Figure 17.2 is a representation of a basic balance sheet. Remember that the two sides of the balance sheet must be Assets=Liabilities + EquityAssets=Liabilities + Equity. Companies typically finance their assets through equity (selling ownership shares to stockholders) and debt (borrowing money from lenders). The debt that a firm uses is often referred to as financial leverage. The relative proportions of debt and equity that a firm uses in financing its assets is referred to as its capital structure.

A basic balance sheet shows that the current and long term assets of a company are equal to its debt, preferred stock, and common equity. In this figure, debt, preferred stock, and common equity are represented by equal sized rectangles. These three rectangles stacked together are the same size as the rectangle representing current and long term assets.
Figure 17.2 Basic Balance Sheet for Company with Debt, Preferred Stock, and Common Equity in Capital Structure

Attracting Capital

When a company raises money from investors, those investors forgo the opportunity to invest that money elsewhere. In economics terms, there is an opportunity cost to those who buy a company’s bonds or stock.

Suppose, for example, that you have $5,000, and you purchase Tesla stock. You could have purchased Apple stock or Disney stock instead. There were many other options, but once you chose Tesla stock, you no longer had the money available for the other options. You would only purchase Tesla stock if you thought that you would receive a return as large as you would have for the same level of risk on the other investments.

From Tesla’s perspective, this means that the company can only attract your capital if it offers an expected return high enough for you to choose it as the company that will use your money. Providing a return equal to what potential investors could expect to earn elsewhere for a similar risk is the cost a company bears in exchange for obtaining funds from investors. Just as a firm must consider the costs of electricity, raw materials, and wages when it calculates the costs of doing business, it must also consider the cost of attracting capital so that it can purchase its assets.

Weights in the Capital Structure

Most companies have multiple sources of capital. The firm’s overall cost of capital is a weighted average of its debt and equity costs of capital. The average of a firm’s debt and equity costs of capital, weighted by the fractions of the firm’s value that correspond to debt and equity, is known as the weighted average cost of capital (WACC).

The weights in the WACC are the proportions of debt and equity used in the firm’s capital structure. If, for example, a company is financed 25% by debt and 75% by equity, the weights in the WACC would be 25% on the debt cost of capital and 75% on the equity cost of capital. The balance sheet of the company would look like Figure 17.3.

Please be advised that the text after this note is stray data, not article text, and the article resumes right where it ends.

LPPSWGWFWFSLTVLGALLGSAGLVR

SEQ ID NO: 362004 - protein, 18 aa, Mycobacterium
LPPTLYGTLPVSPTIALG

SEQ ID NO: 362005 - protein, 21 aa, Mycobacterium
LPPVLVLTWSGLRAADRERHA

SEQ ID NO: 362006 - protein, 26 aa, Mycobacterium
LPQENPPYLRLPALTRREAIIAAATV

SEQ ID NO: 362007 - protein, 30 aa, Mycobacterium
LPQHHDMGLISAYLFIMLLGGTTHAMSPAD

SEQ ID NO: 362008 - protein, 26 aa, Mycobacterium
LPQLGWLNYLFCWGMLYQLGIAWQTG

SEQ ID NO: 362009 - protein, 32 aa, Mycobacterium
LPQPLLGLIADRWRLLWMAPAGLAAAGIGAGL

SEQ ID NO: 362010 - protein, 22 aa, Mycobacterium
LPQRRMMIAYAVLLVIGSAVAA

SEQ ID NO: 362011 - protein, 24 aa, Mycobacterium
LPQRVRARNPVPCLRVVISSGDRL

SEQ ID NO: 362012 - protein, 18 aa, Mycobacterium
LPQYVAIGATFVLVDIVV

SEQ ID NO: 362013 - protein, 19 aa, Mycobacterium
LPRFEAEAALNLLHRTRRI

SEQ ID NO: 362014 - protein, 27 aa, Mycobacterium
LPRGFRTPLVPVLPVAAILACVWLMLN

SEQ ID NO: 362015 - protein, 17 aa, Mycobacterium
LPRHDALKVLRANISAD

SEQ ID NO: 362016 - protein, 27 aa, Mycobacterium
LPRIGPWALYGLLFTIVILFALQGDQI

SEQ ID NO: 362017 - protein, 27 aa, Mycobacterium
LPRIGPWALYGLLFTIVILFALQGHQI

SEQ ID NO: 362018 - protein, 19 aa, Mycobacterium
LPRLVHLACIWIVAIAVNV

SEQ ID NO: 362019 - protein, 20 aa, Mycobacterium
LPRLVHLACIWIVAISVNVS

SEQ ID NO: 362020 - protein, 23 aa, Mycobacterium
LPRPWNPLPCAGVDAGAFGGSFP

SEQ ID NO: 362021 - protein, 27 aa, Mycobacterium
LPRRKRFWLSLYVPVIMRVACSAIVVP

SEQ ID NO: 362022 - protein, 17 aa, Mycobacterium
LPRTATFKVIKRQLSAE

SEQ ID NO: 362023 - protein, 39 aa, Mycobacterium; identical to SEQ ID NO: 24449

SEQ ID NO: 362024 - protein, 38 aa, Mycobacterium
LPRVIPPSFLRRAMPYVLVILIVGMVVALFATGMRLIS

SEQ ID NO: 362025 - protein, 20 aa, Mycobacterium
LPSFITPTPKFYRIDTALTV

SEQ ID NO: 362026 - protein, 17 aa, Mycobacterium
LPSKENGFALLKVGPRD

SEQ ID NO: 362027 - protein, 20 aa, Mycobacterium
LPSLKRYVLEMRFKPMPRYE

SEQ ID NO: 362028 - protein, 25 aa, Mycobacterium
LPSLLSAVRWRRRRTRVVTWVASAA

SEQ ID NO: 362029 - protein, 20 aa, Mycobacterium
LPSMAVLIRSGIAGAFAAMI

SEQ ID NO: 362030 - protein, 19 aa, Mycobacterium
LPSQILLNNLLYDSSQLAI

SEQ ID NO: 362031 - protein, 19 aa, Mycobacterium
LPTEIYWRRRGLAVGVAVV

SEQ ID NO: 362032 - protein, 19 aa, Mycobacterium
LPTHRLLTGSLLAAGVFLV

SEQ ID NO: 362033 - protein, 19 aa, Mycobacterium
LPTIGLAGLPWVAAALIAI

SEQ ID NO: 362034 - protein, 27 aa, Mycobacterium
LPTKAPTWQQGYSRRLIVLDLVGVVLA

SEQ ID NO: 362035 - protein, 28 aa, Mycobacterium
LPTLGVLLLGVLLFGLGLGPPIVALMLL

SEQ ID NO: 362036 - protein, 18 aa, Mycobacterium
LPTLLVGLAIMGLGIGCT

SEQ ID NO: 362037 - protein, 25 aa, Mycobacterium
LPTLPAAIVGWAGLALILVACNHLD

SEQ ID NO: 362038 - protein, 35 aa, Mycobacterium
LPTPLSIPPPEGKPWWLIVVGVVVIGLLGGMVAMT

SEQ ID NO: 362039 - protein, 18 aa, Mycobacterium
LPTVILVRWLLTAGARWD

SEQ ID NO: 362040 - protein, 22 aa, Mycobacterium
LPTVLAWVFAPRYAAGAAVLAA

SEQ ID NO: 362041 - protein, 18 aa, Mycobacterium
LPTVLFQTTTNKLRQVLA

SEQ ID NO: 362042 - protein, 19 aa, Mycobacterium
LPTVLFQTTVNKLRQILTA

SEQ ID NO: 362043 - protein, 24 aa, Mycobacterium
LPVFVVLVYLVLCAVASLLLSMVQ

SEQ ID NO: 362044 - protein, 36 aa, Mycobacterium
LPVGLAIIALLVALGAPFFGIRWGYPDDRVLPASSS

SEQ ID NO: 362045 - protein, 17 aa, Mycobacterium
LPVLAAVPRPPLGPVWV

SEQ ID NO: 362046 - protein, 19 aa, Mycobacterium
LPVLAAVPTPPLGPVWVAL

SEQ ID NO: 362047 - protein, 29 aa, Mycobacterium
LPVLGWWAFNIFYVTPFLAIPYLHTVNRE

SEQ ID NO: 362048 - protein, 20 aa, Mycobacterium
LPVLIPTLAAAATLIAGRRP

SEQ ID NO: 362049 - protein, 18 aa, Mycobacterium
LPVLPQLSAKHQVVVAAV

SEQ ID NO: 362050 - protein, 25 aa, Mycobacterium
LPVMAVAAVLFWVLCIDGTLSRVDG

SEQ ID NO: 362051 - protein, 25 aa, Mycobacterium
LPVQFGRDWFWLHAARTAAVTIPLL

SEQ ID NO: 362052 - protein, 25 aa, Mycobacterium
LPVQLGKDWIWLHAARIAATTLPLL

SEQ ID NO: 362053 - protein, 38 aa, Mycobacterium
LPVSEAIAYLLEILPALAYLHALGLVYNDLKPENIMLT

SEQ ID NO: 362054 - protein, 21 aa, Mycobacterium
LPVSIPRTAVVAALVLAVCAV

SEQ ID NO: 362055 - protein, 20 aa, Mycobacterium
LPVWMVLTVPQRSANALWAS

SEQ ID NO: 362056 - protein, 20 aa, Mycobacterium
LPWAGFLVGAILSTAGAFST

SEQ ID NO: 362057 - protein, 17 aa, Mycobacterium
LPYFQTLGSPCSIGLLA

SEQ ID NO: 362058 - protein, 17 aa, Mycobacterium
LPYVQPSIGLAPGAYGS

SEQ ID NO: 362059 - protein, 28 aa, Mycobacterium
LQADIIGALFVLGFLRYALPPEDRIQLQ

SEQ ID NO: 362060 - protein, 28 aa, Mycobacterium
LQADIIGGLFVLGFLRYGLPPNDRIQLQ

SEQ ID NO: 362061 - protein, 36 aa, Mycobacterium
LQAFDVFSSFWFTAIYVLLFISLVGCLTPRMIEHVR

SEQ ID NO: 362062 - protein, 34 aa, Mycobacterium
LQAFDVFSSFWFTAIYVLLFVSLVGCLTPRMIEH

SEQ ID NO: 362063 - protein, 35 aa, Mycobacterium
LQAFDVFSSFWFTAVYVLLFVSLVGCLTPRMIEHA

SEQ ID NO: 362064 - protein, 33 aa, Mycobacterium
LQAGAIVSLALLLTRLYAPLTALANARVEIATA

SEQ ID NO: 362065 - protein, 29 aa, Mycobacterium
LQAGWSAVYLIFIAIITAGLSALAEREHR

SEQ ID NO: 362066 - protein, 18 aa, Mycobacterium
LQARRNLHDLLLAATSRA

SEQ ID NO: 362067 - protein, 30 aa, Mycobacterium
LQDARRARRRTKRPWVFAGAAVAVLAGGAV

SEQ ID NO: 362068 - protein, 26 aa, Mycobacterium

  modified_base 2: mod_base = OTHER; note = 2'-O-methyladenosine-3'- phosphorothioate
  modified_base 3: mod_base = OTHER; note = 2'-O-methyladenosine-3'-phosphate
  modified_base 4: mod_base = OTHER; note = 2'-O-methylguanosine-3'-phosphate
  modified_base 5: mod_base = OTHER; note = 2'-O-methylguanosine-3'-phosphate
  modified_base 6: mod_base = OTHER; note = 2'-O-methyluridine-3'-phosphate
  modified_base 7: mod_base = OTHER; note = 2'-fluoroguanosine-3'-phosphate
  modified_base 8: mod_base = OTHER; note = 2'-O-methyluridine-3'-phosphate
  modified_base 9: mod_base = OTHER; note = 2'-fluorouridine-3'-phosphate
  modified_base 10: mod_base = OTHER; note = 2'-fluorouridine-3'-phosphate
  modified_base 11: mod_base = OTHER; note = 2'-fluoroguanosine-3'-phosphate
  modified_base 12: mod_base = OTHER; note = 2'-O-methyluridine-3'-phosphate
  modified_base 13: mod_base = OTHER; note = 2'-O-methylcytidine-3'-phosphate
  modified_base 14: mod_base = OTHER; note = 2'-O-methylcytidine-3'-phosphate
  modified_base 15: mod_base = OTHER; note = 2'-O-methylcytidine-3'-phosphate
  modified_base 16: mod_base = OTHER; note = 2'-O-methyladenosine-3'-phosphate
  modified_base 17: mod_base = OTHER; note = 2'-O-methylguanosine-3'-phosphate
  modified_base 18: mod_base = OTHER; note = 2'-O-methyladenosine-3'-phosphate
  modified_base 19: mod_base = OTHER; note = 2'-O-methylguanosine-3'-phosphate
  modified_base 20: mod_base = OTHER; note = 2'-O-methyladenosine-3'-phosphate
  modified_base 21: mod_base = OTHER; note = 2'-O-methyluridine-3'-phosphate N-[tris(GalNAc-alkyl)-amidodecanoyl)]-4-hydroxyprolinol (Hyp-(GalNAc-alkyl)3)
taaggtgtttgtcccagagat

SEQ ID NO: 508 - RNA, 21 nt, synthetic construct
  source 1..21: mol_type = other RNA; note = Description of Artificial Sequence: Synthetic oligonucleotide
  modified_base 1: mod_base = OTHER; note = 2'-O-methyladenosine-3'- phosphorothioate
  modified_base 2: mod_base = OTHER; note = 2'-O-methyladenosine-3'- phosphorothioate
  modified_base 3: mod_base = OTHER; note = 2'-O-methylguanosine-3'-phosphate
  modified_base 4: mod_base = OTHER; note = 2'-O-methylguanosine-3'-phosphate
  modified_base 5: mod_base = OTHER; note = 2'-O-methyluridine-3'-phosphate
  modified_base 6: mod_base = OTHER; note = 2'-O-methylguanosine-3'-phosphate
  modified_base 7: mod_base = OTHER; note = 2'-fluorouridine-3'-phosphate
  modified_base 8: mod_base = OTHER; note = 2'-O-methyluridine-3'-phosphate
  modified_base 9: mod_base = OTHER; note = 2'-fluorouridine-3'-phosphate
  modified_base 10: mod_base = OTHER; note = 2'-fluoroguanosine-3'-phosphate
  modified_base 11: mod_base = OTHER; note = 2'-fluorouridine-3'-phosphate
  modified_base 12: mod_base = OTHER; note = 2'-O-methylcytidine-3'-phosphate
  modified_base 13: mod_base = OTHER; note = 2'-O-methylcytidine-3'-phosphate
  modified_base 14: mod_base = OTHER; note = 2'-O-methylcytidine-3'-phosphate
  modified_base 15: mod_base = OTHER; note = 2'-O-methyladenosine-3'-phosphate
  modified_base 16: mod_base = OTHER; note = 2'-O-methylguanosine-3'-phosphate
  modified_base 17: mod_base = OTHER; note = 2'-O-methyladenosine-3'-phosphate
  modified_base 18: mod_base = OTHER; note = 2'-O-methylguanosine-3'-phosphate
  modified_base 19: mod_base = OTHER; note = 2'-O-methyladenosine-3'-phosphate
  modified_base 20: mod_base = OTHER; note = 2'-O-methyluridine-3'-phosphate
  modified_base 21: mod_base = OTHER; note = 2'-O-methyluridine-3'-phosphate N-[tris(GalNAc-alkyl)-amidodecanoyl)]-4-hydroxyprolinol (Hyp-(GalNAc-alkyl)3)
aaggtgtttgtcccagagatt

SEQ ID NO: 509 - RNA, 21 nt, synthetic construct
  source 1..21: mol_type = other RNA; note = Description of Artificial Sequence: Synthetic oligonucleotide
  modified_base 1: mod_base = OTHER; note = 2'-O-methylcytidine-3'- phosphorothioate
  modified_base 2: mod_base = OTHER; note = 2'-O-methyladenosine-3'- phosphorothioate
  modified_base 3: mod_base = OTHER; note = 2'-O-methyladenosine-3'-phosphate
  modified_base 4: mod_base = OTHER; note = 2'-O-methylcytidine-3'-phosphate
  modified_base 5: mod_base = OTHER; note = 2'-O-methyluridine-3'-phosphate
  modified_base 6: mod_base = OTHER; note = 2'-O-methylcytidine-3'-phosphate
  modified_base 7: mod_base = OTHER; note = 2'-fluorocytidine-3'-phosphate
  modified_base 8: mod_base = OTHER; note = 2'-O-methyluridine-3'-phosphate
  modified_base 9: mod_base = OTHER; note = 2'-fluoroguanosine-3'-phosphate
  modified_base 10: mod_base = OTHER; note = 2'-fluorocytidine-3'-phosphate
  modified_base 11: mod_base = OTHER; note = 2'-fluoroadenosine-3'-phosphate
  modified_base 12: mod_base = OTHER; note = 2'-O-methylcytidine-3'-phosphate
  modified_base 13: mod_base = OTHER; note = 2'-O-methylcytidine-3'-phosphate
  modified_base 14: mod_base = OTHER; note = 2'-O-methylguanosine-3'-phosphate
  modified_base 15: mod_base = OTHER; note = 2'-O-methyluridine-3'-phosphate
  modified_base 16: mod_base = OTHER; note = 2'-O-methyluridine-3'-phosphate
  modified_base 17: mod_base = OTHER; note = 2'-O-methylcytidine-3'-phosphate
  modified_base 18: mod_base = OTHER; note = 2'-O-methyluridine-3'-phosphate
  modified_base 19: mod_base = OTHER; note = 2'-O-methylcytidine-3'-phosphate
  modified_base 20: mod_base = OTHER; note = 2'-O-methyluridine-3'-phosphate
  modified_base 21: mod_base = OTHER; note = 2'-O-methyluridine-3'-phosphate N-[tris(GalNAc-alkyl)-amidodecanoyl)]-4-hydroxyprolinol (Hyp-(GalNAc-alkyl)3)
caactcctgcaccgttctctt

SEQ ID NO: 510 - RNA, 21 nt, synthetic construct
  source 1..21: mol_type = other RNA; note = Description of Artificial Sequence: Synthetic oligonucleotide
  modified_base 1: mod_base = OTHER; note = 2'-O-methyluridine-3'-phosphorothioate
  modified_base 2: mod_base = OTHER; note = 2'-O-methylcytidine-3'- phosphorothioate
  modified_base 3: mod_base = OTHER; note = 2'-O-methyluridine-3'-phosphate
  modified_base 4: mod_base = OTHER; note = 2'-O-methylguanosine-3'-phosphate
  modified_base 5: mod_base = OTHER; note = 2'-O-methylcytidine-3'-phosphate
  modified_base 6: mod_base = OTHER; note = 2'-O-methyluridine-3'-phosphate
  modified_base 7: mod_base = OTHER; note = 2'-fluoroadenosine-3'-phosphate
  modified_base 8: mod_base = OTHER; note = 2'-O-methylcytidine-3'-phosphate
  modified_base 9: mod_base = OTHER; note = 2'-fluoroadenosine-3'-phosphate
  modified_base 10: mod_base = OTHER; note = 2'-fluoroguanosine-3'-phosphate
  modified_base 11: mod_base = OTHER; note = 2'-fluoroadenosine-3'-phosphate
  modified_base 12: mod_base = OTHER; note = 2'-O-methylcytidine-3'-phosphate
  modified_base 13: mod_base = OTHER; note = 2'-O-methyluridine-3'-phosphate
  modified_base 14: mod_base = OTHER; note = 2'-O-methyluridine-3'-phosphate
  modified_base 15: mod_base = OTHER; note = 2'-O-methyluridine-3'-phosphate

These weights can be derived from the right-hand side of a market-value-based balance sheet. Recall that accounting-based book values listed on traditional financial statements reflect historical costs. The market-value balance sheet is similar to the accounting balance sheet, but all values are current market values.

A balance sheet shows that the market value of assets are equal to market value of debt and the market value of equity. In this figure, the market value of debt is represented by a rectangle that is 25% of the size of the market value of assets. The market value of equity is represented by a rectangle that is 75% of the size of the market value of assets. These two rectangles are stacked on top of each other and together are the same size as the rectangle representing market value of assets.
Figure 17.3 Balance Sheet of Company with Capital Structure of 25% Debt and 75% Equity

Just as the accounting balance sheet must balance, the market-value balance sheet must balance:

Market Value of Assets = Market Value of Debt + Market Value of EquityMarket Value of Assets = Market Value of Debt + Market Value of Equity

This equation reminds us that the values of a company’s debt and equity flow from the market value of the company’s assets.

Let’s look at an example of how a company would calculate the weights in its capital structure. Bluebonnet Industries has debt with a book (face) value of $5 million and equity with a book value of $3 million. Bluebonnet’s debt is trading at 97% of its face value. It has one million shares of stock, which are trading for $15 per share.

First, the market values of the company’s debt and equity must be determined. Bluebonnet’s debt is trading at a discount; its market value is 0.97×$5,000,000=$4,850,0000.97×$5,000,000=$4,850,000. The market value of Bluebonnet’s equity equals Number of Shares × Price per Share = 1,000,000  × $15 = $15,000,000Number of Shares × Price per Share = 1,000,000  × $15 = $15,000,000. Thus, the total market value of the company’s capital is $4,850,000 + $15,000,000 = $19,850,000$4,850,000 + $15,000,000 = $19,850,000. The weight of debt in Bluebonnet’s capital structure is $4,850,000$19,850,000=24.4%$4,850,000$19,850,000=24.4%. The weight of equity in its capital structure is $15,000,000$19,850,000=75.6%$15,000,000$19,850,000=75.6%.